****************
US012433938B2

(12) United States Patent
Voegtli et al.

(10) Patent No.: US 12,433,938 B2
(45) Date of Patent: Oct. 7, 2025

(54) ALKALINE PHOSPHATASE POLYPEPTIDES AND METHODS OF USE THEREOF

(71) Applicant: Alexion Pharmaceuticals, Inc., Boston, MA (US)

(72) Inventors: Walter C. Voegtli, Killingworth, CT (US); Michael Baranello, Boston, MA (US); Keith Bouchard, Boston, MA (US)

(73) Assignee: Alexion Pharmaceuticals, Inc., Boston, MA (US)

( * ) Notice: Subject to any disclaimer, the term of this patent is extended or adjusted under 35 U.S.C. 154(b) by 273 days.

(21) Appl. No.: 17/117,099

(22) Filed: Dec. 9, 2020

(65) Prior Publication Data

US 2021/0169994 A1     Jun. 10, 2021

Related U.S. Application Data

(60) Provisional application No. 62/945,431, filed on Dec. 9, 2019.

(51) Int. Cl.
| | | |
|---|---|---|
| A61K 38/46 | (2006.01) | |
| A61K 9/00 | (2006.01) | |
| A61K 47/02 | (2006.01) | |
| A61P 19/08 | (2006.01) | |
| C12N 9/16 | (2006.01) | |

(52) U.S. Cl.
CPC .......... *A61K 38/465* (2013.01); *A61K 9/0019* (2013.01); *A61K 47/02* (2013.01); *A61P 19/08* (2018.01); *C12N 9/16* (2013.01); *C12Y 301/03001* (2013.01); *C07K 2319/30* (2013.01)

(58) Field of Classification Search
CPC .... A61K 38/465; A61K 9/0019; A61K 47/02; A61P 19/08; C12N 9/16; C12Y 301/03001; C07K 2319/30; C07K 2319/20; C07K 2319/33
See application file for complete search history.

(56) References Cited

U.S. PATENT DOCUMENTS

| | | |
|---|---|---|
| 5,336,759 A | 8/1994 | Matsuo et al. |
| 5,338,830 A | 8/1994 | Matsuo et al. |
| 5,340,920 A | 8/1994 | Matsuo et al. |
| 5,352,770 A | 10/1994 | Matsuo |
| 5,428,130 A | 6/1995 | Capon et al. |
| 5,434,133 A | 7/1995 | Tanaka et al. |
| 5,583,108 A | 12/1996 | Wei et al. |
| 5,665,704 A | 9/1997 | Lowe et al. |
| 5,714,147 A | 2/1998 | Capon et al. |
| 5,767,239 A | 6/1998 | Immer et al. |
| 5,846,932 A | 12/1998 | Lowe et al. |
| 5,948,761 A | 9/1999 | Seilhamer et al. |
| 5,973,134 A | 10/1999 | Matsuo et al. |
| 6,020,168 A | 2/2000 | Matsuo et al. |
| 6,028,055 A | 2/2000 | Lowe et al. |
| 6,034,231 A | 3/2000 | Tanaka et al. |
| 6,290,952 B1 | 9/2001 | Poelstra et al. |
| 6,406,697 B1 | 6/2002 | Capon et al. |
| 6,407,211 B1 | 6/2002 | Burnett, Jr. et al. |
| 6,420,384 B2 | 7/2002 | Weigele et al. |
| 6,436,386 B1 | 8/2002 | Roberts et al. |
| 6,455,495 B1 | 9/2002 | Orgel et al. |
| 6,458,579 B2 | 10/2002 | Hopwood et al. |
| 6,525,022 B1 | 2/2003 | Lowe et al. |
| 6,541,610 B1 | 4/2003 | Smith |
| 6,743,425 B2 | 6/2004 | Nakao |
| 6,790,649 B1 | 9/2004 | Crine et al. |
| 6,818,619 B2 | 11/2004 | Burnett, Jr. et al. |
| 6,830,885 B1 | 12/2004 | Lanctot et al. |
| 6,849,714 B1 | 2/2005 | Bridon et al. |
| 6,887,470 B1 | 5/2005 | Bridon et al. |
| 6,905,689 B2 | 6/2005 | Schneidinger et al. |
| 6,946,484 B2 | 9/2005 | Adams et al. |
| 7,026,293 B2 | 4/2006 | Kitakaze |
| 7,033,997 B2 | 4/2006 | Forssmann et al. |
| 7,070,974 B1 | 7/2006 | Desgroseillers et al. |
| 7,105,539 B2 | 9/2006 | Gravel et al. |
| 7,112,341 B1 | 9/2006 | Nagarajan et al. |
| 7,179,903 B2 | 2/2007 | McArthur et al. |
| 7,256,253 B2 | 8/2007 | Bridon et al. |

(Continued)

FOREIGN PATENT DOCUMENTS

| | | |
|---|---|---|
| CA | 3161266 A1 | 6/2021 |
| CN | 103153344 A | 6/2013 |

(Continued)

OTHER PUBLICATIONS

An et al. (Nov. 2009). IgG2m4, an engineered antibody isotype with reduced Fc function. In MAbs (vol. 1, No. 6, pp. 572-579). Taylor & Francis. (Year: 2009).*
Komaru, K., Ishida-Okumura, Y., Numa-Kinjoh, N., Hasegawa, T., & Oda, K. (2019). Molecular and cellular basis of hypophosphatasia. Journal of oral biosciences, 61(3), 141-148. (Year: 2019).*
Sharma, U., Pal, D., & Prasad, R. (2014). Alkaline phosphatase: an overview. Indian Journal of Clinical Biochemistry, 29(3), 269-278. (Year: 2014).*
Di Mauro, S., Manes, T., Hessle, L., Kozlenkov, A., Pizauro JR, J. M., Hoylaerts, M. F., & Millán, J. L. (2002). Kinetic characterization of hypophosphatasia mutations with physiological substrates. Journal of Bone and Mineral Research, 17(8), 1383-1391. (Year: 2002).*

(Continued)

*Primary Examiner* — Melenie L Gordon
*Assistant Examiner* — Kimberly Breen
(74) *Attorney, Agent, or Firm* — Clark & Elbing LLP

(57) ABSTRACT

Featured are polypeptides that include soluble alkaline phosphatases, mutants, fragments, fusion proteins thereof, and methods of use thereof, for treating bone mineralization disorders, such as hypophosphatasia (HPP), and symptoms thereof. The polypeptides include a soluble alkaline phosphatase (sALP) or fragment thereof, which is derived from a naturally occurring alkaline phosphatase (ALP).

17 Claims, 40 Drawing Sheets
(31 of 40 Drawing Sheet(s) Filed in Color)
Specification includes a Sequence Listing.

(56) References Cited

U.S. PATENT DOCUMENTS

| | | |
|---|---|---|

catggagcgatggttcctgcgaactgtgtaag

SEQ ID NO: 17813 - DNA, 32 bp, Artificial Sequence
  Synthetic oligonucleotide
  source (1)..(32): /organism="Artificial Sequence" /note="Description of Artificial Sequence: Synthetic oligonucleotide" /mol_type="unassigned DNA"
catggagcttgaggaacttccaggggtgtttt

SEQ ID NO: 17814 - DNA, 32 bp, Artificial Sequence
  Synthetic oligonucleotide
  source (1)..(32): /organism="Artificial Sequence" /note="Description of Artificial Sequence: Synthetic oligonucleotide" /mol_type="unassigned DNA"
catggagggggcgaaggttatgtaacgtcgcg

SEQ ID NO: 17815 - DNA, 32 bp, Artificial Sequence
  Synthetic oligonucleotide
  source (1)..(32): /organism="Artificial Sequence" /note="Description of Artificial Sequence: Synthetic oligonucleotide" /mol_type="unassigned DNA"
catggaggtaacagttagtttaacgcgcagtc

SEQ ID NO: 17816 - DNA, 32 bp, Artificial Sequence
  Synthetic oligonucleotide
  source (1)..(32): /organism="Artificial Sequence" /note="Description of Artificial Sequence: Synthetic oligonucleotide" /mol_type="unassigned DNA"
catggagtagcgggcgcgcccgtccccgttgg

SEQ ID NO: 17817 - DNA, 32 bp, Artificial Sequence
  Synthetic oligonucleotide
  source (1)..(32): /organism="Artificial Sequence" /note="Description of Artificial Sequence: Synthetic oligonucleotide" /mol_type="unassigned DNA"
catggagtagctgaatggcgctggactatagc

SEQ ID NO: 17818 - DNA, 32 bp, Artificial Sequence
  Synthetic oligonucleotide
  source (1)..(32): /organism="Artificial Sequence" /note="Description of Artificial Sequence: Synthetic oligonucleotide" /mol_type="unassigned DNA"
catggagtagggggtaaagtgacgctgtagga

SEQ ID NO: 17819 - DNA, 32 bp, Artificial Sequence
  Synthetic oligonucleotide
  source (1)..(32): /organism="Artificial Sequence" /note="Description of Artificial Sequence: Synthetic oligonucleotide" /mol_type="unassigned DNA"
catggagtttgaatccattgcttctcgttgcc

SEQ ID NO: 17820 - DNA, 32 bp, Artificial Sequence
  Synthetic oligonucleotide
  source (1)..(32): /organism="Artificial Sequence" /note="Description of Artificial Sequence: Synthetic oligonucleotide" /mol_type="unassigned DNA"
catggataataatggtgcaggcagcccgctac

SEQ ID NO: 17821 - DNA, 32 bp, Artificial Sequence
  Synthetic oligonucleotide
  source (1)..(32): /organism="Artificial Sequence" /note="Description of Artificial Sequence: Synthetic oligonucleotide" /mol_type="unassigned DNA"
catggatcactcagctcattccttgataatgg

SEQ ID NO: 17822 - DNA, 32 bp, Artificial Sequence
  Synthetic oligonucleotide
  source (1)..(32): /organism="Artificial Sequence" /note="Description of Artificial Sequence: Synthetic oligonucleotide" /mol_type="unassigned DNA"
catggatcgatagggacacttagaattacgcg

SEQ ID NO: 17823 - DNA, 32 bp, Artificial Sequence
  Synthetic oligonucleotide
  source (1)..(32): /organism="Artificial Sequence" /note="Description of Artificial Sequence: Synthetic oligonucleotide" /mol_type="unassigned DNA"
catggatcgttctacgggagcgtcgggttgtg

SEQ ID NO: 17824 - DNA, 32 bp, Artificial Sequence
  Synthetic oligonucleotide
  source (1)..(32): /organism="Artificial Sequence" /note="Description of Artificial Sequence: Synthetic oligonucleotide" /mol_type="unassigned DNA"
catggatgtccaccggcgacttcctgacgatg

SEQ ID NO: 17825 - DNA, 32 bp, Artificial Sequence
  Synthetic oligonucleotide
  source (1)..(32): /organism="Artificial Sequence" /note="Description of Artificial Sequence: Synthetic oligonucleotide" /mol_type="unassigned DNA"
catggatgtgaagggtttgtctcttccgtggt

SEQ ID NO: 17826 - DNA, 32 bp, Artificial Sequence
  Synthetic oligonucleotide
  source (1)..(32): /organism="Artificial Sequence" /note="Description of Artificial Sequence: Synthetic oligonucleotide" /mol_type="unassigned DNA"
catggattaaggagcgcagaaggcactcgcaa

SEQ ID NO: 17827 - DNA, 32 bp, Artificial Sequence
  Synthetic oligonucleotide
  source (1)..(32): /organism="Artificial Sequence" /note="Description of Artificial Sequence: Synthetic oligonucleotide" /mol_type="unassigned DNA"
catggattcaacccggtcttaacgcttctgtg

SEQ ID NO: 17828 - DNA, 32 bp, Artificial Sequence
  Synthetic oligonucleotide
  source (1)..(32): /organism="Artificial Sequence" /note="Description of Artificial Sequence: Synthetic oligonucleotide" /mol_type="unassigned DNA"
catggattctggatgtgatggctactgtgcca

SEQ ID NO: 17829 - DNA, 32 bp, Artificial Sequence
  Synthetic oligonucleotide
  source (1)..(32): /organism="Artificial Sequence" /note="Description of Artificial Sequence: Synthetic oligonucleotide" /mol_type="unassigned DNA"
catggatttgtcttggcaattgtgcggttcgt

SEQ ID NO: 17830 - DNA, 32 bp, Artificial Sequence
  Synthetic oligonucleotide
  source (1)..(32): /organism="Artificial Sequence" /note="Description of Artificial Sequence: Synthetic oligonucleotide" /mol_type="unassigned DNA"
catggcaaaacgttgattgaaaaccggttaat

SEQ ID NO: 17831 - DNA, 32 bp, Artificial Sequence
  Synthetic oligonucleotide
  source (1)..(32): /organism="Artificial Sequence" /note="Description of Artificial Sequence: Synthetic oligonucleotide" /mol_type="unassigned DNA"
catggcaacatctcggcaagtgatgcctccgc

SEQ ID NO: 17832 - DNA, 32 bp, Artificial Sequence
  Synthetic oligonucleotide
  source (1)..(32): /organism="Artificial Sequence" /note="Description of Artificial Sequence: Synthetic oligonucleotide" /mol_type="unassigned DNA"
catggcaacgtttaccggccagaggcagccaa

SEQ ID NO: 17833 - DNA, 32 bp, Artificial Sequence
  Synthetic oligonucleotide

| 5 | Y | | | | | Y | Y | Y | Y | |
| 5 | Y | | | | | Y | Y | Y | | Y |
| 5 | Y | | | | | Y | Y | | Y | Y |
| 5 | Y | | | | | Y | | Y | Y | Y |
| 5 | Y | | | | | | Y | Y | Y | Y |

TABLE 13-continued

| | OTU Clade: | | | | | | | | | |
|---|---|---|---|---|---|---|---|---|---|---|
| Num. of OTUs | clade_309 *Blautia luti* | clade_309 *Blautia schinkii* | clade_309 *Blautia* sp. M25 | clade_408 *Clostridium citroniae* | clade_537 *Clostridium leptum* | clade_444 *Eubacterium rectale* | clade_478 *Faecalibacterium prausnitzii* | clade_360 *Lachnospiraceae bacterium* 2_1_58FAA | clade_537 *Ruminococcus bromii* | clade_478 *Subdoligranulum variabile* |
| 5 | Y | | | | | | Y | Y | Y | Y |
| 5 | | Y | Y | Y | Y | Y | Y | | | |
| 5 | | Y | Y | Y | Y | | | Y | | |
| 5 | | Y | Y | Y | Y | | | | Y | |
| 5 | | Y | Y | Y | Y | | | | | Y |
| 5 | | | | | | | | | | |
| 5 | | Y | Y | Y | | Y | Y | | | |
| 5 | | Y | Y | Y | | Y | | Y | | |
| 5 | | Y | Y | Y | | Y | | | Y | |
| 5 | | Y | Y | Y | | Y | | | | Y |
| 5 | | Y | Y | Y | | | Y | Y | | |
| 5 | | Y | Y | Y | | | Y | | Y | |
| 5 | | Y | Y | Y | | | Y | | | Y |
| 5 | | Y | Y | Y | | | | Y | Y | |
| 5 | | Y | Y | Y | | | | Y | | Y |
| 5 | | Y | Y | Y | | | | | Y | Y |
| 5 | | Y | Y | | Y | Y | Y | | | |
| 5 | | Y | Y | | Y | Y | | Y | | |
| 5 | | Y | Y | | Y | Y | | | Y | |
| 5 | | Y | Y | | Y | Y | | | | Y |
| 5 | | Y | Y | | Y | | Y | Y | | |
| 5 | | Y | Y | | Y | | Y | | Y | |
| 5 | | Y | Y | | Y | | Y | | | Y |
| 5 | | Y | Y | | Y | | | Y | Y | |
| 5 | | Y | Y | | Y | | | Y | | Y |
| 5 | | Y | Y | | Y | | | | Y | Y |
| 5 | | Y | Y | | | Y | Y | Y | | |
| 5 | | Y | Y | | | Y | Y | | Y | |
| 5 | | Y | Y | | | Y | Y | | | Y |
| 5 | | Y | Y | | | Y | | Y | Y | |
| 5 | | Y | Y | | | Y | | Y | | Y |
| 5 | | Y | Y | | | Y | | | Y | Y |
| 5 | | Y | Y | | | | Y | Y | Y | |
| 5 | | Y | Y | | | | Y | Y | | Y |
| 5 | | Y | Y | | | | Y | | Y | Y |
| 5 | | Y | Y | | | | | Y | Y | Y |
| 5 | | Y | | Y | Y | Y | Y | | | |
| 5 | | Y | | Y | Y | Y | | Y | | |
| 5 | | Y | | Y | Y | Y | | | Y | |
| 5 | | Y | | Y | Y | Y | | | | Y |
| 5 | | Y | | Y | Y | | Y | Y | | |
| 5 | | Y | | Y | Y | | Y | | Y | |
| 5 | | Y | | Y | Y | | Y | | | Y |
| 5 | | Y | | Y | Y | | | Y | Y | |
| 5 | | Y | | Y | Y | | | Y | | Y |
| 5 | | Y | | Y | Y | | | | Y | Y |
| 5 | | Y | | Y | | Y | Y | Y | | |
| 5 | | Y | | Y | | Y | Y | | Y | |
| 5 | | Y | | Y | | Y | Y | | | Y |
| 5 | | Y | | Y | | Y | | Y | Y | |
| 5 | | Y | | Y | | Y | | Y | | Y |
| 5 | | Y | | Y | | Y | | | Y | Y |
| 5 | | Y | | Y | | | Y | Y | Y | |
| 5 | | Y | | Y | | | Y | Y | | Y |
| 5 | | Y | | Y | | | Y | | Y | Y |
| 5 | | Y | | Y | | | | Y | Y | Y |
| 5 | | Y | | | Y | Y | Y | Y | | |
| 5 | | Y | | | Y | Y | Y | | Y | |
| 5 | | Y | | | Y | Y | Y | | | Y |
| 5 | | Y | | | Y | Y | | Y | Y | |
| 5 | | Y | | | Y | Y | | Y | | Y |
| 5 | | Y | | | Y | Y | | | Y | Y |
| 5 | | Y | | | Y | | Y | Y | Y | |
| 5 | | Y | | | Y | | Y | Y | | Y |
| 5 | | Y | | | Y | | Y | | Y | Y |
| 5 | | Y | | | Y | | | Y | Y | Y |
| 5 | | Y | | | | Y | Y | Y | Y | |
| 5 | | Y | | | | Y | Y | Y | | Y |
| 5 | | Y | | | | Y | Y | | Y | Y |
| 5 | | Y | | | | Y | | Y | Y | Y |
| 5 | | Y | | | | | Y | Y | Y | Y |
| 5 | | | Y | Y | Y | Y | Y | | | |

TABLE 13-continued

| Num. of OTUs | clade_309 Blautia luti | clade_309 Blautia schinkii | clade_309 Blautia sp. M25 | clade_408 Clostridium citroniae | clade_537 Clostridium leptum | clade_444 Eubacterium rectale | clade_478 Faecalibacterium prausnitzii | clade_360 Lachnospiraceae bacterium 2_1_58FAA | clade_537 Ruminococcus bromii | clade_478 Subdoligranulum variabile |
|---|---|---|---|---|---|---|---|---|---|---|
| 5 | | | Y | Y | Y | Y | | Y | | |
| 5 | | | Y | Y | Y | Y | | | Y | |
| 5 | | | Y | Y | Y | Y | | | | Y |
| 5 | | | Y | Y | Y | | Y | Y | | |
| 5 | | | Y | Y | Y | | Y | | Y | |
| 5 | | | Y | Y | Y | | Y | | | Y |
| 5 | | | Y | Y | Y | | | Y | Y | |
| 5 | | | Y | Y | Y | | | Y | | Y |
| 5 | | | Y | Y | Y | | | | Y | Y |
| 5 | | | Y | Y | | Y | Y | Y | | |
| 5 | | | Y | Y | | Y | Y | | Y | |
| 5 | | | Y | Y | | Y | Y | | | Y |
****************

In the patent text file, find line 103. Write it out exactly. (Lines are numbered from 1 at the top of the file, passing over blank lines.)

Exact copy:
catggagcttgaggaacttccaggggtgtttt